With front-runner Donald Trump seen as too much of a wild card and Jeb Bush faltering in opinion polls, establishment Republicans are gravitating toward John Kasich, the Ohio governor who vows to shake up their demographically challenged party if he wins its nomination for U.S. president.
If history can be a guide, Kasich (pronounced KAY-sik) may best fit the mold of Arizona Senator John McCain, a self-described maverick who won the party’s nomination in 2008 only to lose the election to Democrat Barack Obama.
For his part, McCain parted from Republican Party orthodoxy on the hot-button issue of immigration. He ran strong in the early nominating contest in New Hampshire. Kasich’s top strategist, John Weaver, is a veteran of McCain’s team.
“I have never been the choice of the Republican establishment,” Kasich, 63, said in a Reuters interview on Tuesday. He vows to appeal to minorities and the poor, groups that steer clear of the party according to opinion polls.
“Could the Republican Party be more shaped on the basis of what I think if I am picked as president? Absolutely. The Republican Party would absolutely change,” he said.
Although hardly a household name, Kasich is one of the most experienced politicians among the 17 Republican hopefuls. He has 18 years of legislative experience in Congress and now is serving a second term as governor of the seventh largest state.
At age 26, he won election to the Ohio Senate.
NEW HAMPSHIRE A KEY
New Hampshire, which on Feb. 9 becomes the second state to hold a nominating contest (after Iowa), is crucial to Kasich, who needs momentum to draw more media attention and fundraising dollars as the campaign moves into other states.
Kasich is competing for the same bloc of voters and donors nationally as the quintessential candidate of the establishment, former Florida governor Bush, the kin of two American presidents.
Though Kasich lags in national polling – 2 percent in the most recent Reuters/Ipsos tracking poll to 38 percent for real-estate mogul and reality-TV star Trump – he is beginning to draw national attention for his surging New Hampshire numbers.
An NBC/Marist opinion poll released over the weekend showed him running in second place with 12 percent to Trump’s 28 percent. Retired neurosurgeon Ben Carson had 11 percent and Bush placed fourth with 8 percent.
While not always staking out establishment positions, Kasich is racking up endorsements from prominent New Hampshire Republicans such as Doug and Stella Scamman, longtime activists, and Tom Rath, the state’s former attorney general.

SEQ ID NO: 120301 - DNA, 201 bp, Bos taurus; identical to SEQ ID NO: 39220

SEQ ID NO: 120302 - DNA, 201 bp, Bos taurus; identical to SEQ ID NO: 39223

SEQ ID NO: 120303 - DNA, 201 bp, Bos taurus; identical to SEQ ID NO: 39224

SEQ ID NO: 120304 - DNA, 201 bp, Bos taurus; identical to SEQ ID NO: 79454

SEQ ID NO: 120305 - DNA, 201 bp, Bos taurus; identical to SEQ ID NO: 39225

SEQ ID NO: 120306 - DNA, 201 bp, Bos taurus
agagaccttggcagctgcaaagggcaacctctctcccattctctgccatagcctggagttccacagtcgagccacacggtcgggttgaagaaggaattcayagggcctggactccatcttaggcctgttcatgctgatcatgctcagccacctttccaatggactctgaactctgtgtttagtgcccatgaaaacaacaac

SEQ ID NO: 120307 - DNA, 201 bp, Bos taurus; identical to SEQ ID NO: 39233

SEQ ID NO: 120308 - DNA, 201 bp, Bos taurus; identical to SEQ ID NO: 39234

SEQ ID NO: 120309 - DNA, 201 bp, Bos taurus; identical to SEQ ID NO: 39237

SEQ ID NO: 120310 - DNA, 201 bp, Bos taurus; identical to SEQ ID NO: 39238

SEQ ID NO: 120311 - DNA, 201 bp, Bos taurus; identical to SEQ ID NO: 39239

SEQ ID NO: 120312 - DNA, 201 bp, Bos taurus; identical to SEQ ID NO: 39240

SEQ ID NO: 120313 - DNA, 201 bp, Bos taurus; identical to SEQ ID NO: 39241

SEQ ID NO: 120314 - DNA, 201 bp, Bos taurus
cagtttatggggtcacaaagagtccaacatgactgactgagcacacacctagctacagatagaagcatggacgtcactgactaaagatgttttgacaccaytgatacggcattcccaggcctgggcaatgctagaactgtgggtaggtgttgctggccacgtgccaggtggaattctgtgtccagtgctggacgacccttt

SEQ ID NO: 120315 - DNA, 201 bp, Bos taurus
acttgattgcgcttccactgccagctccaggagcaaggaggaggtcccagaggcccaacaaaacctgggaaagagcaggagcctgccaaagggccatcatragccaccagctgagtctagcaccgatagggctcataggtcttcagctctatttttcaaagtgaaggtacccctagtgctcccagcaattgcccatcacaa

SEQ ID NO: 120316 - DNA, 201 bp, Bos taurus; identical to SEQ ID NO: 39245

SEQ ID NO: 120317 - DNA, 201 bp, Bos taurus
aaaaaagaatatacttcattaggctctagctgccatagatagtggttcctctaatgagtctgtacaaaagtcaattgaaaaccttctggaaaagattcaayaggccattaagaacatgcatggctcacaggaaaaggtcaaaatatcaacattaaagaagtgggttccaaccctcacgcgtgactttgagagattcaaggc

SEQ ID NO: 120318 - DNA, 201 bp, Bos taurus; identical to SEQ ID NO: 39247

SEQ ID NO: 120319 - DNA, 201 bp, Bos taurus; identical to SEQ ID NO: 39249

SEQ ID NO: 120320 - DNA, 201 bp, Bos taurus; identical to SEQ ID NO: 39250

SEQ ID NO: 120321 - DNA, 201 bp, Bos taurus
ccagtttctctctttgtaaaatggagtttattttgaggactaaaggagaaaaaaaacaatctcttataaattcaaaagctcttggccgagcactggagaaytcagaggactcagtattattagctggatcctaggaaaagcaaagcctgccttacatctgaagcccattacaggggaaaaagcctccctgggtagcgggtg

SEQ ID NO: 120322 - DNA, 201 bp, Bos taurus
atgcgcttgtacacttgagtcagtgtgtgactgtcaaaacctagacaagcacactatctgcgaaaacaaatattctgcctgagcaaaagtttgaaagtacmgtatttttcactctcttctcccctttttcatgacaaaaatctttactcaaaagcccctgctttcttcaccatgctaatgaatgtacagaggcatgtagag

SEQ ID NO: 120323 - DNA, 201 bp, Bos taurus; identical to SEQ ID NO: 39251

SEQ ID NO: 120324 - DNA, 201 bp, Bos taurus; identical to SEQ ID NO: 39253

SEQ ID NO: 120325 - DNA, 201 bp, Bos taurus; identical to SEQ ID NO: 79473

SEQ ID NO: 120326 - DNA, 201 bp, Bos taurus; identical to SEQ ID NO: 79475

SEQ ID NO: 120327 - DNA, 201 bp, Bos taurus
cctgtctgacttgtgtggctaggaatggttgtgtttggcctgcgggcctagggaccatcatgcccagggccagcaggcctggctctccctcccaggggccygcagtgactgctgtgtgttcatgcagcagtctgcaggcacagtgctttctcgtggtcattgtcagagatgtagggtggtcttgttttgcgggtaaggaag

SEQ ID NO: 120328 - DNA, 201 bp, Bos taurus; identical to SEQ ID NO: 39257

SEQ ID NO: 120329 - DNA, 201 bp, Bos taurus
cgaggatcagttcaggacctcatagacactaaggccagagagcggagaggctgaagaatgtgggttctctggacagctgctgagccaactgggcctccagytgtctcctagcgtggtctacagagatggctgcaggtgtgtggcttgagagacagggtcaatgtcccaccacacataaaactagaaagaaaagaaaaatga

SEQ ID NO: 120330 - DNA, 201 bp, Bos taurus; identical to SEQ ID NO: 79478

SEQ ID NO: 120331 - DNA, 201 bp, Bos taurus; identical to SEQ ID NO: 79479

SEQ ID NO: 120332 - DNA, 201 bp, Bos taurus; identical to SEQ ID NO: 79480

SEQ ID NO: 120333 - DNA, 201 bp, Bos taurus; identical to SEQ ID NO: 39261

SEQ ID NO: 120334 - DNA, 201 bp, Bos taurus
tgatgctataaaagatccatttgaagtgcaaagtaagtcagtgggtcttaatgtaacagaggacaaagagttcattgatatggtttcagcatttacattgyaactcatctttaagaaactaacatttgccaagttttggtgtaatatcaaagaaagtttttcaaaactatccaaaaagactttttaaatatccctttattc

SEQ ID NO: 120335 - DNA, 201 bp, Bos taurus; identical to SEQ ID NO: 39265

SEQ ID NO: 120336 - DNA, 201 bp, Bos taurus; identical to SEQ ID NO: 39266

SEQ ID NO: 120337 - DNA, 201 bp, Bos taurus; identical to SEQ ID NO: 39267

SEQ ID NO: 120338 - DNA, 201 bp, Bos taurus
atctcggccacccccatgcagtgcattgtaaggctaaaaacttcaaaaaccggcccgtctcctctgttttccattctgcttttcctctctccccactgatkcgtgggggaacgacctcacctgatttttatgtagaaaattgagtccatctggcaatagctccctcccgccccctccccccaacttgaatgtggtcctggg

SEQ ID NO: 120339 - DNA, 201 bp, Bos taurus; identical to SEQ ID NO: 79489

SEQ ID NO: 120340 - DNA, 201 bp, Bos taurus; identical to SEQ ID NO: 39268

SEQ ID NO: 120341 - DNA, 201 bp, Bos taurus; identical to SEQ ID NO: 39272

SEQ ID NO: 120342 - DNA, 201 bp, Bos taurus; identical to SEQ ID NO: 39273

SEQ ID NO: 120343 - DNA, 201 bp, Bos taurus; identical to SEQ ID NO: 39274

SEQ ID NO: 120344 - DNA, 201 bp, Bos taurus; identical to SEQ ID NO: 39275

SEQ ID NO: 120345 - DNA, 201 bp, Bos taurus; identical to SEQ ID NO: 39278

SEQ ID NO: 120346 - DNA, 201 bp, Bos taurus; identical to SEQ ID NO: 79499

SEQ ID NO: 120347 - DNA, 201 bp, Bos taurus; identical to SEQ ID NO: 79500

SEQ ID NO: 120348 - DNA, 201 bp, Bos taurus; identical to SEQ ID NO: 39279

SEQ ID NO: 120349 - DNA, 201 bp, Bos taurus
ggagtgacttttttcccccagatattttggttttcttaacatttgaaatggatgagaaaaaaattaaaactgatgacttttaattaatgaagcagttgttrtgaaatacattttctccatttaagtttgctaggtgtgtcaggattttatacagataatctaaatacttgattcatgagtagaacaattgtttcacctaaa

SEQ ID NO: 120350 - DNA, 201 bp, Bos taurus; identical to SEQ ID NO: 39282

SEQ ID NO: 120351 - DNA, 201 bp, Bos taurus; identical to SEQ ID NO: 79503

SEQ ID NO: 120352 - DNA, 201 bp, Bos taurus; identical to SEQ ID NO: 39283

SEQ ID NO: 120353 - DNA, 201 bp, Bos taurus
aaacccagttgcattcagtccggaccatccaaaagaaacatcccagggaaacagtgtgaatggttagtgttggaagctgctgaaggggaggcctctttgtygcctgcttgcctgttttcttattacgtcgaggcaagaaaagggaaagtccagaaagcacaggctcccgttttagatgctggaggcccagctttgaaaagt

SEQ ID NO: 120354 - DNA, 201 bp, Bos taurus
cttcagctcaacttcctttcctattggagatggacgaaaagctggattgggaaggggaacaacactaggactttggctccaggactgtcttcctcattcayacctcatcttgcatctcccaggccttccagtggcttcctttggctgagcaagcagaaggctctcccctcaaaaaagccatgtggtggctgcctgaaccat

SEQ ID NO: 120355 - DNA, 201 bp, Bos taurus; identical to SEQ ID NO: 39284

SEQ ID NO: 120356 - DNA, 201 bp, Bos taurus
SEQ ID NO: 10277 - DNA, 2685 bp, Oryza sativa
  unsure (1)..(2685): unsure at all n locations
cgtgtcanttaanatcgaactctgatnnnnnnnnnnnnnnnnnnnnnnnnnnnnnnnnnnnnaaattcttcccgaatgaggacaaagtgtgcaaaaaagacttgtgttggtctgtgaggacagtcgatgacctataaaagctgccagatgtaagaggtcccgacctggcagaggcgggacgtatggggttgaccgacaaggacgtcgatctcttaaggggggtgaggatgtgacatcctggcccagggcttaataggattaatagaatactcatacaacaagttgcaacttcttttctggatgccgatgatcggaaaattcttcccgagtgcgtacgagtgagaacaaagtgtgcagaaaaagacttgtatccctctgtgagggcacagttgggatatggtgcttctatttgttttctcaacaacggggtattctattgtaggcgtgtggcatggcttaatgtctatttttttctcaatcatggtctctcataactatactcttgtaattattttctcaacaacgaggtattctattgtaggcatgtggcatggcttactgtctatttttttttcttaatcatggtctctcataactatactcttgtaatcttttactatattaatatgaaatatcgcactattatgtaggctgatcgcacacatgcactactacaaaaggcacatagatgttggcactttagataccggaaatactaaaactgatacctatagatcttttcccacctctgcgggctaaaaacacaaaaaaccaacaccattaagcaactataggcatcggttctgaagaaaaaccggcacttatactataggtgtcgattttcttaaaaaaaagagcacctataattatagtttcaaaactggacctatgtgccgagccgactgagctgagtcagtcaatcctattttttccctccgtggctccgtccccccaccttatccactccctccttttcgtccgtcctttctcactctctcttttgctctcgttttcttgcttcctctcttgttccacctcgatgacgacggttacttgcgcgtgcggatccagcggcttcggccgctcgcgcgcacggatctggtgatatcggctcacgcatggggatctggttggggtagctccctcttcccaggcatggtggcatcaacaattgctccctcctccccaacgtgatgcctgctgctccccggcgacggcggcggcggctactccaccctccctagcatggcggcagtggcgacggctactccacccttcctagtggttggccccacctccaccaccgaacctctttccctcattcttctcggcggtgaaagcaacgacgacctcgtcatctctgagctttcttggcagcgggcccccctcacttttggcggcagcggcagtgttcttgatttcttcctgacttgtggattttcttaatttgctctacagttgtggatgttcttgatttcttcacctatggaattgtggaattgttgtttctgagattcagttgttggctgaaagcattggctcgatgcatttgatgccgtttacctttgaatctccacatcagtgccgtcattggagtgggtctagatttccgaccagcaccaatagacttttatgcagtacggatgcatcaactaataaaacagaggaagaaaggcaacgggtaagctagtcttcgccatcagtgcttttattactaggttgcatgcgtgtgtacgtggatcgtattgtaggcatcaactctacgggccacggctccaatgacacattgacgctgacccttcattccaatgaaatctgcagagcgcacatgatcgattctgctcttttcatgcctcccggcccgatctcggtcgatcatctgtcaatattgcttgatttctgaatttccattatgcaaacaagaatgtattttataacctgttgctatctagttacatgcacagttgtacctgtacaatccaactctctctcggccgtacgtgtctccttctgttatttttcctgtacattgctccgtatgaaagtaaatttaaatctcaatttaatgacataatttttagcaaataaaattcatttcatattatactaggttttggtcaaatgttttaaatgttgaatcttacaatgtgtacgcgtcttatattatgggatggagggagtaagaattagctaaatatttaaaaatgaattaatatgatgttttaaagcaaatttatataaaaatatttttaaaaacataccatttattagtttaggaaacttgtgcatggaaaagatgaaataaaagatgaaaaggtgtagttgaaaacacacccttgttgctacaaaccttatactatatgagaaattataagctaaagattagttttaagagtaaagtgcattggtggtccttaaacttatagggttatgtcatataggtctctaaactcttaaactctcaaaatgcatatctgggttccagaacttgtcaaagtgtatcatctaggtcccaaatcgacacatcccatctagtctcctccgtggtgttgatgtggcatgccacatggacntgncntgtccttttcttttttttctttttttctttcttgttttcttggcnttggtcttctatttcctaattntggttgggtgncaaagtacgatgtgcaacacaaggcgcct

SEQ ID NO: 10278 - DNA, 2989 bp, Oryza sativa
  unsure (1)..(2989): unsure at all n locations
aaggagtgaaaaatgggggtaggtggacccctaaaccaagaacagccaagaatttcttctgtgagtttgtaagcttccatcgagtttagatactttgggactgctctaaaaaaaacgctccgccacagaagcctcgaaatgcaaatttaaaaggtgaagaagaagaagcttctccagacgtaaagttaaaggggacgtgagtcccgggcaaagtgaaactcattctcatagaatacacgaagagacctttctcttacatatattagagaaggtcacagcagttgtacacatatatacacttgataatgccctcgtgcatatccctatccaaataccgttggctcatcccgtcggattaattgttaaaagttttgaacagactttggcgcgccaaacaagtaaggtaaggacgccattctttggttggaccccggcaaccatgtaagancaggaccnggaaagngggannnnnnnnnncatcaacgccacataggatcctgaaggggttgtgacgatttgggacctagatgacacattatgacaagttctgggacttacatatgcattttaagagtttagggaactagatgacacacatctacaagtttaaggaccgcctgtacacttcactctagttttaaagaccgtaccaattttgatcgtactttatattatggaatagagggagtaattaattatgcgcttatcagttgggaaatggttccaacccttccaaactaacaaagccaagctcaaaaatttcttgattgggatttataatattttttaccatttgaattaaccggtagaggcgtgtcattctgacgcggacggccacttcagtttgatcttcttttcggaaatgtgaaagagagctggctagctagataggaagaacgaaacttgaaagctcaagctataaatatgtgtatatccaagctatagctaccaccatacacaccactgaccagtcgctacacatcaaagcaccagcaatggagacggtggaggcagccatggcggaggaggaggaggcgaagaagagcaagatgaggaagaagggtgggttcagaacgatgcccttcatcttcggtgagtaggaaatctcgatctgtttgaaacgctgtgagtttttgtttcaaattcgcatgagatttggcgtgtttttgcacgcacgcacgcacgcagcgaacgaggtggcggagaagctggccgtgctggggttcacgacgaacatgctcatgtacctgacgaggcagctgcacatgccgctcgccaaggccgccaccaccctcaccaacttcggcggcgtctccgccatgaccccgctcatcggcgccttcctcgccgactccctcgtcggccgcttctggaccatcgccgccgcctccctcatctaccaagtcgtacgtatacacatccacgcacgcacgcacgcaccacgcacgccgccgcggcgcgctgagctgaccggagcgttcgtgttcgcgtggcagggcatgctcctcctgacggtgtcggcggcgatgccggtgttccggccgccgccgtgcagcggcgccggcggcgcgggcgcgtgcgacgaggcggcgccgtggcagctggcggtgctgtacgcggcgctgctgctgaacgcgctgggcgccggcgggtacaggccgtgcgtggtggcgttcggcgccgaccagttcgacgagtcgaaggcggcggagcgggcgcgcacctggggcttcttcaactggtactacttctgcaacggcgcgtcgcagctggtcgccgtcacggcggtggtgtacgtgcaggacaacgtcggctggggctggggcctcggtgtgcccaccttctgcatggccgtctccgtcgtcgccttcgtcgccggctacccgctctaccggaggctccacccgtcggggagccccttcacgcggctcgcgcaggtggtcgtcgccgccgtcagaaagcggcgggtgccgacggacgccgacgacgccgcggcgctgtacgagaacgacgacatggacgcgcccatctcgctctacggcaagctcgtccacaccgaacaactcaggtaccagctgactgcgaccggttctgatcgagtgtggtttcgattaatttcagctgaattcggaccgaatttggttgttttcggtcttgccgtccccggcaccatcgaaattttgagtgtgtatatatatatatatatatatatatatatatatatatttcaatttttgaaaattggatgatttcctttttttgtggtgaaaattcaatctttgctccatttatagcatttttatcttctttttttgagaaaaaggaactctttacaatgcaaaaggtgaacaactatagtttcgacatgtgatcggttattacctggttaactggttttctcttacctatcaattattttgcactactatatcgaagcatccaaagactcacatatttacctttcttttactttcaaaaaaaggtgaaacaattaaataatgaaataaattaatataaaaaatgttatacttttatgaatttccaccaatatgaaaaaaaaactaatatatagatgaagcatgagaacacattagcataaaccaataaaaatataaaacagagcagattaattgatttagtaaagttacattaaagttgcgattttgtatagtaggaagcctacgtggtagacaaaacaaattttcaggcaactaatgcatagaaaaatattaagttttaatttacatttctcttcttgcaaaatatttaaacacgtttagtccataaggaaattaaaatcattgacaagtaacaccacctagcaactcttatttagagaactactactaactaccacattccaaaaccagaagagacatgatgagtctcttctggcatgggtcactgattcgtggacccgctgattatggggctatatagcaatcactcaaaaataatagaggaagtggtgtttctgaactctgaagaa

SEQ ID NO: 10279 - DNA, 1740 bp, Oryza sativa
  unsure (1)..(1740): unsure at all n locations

Those who back him view his experience and his pledge to widen the party’s appeal to Hispanic and low-income voters as strengths that could help Republicans better compete in the November 2016 presidential election against Hillary Clinton, the Democratic front-runner.
Even when pressed by reporters, however, Kasich refuses to call out his rivals by name. Instead his eyes are fixed on what he says is his biggest problem: voters’ unfamiliarity with him.
Asked at a national security forum in New Hampshire his view of other Republicans’ promises to tear up the nuclear accord with Iran on their first day as president, Kasich paused. He said he would not name a single rival because reporters in the room would highlight his comment as an attack.
PULLING UP A CHAIR TO CHAT
Like McCain, Kasich shows a willingness to be accessible, sitting for scores of national interviews and, during his lunch break at Concord’s Barley House, pulling up a chair to chat with a quartet of reporters.
As governor Kasich accepted federal dollars to expand Medicaid, a joint federal and state program to help low-income Americans cover medical costs. While his stance may be anathema to the far right, he embraces it as the right thing to do for the poor.
He walks a fine line on social issues: He accepts laws on same-sex marriage as final but talks on the campaign trail about the importance of faith along the campaign trail. He supports a pathway to legal status in the United States for undocumented immigrants but wants to build a fence on the southern border with Mexico.
“When I ran for governor I just kicked the door down, and the establishment was disorganized and they couldn’t stop me,” he said when asked about his political career.
Extending the metaphor, Kasich said: “Most of my career I’ve been trying to knock down the walls to get in the city. Now I’m in the city, and that kind of troubled me for a while till I figured out that I could still be a reformer even though I’m running the city.”